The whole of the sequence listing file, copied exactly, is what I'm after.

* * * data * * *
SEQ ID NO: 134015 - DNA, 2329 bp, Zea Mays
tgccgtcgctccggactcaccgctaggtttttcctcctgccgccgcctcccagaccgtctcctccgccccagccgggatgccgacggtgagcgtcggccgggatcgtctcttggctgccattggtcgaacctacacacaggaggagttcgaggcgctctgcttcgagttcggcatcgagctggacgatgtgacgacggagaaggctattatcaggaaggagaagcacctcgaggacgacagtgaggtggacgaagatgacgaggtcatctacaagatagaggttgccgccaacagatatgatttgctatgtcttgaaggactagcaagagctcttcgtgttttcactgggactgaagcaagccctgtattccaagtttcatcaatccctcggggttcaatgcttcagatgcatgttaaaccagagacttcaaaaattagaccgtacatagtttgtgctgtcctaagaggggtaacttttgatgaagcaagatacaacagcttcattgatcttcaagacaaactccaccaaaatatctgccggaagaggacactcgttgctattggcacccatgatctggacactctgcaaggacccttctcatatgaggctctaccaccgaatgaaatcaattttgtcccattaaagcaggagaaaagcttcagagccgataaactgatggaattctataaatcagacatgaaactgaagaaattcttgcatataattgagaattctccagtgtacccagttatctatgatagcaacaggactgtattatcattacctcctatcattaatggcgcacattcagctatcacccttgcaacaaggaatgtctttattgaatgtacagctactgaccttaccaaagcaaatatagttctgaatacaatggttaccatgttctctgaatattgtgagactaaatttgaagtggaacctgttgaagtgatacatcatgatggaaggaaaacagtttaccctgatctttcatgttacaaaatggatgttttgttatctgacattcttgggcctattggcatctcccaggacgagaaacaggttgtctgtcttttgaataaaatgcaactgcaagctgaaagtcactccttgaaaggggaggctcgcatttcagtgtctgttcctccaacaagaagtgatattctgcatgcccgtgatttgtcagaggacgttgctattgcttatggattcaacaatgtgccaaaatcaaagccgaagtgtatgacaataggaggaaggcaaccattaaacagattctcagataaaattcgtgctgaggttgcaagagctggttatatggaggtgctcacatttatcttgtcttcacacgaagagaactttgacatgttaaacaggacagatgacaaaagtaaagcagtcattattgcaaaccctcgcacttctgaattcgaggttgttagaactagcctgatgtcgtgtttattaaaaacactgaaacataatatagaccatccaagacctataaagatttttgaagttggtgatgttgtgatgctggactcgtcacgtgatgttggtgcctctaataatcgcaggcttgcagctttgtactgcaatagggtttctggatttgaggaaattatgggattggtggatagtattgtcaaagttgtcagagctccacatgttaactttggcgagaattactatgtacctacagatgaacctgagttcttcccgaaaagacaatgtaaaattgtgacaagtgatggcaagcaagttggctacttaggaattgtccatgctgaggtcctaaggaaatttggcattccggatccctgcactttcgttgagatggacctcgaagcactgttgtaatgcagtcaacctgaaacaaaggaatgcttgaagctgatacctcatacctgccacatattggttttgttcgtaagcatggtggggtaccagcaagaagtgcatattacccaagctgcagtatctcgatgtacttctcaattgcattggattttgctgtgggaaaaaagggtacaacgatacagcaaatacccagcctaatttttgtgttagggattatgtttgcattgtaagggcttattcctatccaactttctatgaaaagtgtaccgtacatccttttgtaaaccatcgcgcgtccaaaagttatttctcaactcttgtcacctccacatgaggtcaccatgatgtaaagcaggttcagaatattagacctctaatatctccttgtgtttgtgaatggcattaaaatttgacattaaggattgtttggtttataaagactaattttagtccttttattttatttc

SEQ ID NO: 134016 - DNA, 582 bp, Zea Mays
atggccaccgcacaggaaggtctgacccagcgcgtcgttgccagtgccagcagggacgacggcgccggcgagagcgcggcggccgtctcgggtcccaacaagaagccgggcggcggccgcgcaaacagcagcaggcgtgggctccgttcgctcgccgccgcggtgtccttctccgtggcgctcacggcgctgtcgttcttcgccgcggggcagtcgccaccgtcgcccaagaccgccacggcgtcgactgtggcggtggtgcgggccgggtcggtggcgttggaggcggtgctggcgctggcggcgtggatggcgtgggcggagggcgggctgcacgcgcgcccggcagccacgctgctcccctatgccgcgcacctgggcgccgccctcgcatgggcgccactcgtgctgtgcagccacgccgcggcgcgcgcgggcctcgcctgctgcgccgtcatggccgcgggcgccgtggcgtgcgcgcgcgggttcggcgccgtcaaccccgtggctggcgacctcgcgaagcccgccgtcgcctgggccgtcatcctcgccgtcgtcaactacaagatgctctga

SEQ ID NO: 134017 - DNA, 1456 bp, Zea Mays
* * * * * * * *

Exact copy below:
SEQ ID NO: 134015 - DNA, 2329 bp, Zea Mays
tgccgtcgctccggactcaccgctaggtttttcctcctgccgccgcctcccagaccgtctcctccgccccagccgggatgccgacggtgagcgtcggccgggatcgtctcttggctgccattggtcgaacctacacacaggaggagttcgaggcgctctgcttcgagttcggcatcgagctggacgatgtgacgacggagaaggctattatcaggaaggagaagcacctcgaggacgacagtgaggtggacgaagatgacgaggtcatctacaagatagaggttgccgccaacagatatgatttgctatgtcttgaaggactagcaagagctcttcgtgttttcactgggactgaagcaagccctgtattccaagtttcatcaatccctcggggttcaatgcttcagatgcatgttaaaccagagacttcaaaaattagaccgtacatagtttgtgctgtcctaagaggggtaacttttgatgaagcaagatacaacagcttcattgatcttcaagacaaactccaccaaaatatctgccggaagaggacactcgttgctattggcacccatgatctggacactctgcaaggacccttctcatatgaggctctaccaccgaatgaaatcaattttgtcccattaaagcaggagaaaagcttcagagccgataaactgatggaattctataaatcagacatgaaactgaagaaattcttgcatataattgagaattctccagtgtacccagttatctatgatagcaacaggactgtattatcattacctcctatcattaatggcgcacattcagctatcacccttgcaacaaggaatgtctttattgaatgtacagctactgaccttaccaaagcaaatatagttctgaatacaatggttaccatgttctctgaatattgtgagactaaatttgaagtggaacctgttgaagtgatacatcatgatggaaggaaaacagtttaccctgatctttcatgttacaaaatggatgttttgttatctgacattcttgggcctattggcatctcccaggacgagaaacaggttgtctgtcttttgaataaaatgcaactgcaagctgaaagtcactccttgaaaggggaggctcgcatttcagtgtctgttcctccaacaagaagtgatattctgcatgcccgtgatttgtcagaggacgttgctattgcttatggattcaacaatgtgccaaaatcaaagccgaagtgtatgacaataggaggaaggcaaccattaaacagattctcagataaaattcgtgctgaggttgcaagagctggttatatggaggtgctcacatttatcttgtcttcacacgaagagaactttgacatgttaaacaggacagatgacaaaagtaaagcagtcattattgcaaaccctcgcacttctgaattcgaggttgttagaactagcctgatgtcgtgtttattaaaaacactgaaacataatatagaccatccaagacctataaagatttttgaagttggtgatgttgtgatgctggactcgtcacgtgatgttggtgcctctaataatcgcaggcttgcagctttgtactgcaatagggtttctggatttgaggaaattatgggattggtggatagtattgtcaaagttgtcagagctccacatgttaactttggcgagaattactatgtacctacagatgaacctgagttcttcccgaaaagacaatgtaaaattgtgacaagtgatggcaagcaagttggctacttaggaattgtccatgctgaggtcctaaggaaatttggcattccggatccctgcactttcgttgagatggacctcgaagcactgttgtaatgcagtcaacctgaaacaaaggaatgcttgaagctgatacctcatacctgccacatattggttttgttcgtaagcatggtggggtaccagcaagaagtgcatattacccaagctgcagtatctcgatgtacttctcaattgcattggattttgctgtgggaaaaaagggtacaacgatacagcaaatacccagcctaatttttgtgttagggattatgtttgcattgtaagggcttattcctatccaactttctatgaaaagtgtaccgtacatccttttgtaaaccatcgcgcgtccaaaagttatttctcaactcttgtcacctccacatgaggtcaccatgatgtaaagcaggttcagaatattagacctctaatatctccttgtgtttgtgaatggcattaaaatttgacattaaggattgtttggtttataaagactaattttagtccttttattttatttc

SEQ ID NO: 134016 - DNA, 582 bp, Zea Mays
atggccaccgcacaggaaggtctgacccagcgcgtcgttgccagtgccagcagggacgacggcgccggcgagagcgcggcggccgtctcgggtcccaacaagaagccgggcggcggccgcgcaaacagcagcaggcgtgggctccgttcgctcgccgccgcggtgtccttctccgtggcgctcacggcgctgtcgttcttcgccgcggggcagtcgccaccgtcgcccaagaccgccacggcgtcgactgtggcggtggtgcgggccgggtcggtggcgttggaggcggtgctggcgctggcggcgtggatggcgtgggcggagggcgggctgcacgcgcgcccggcagccacgctgctcccctatgccgcgcacctgggcgccgccctcgcatgggcgccactcgtgctgtgcagccacgccgcggcgcgcgcgggcctcgcctgctgcgccgtcatggccgcgggcgccgtggcgtgcgcgcgcgggttcggcgccgtcaaccccgtggctggcgacctcgcgaagcccgccgtcgcctgggccgtcatcctcgccgtcgtcaactacaagatgctctga

SEQ ID NO: 134017 - DNA, 1456 bp, Zea Mays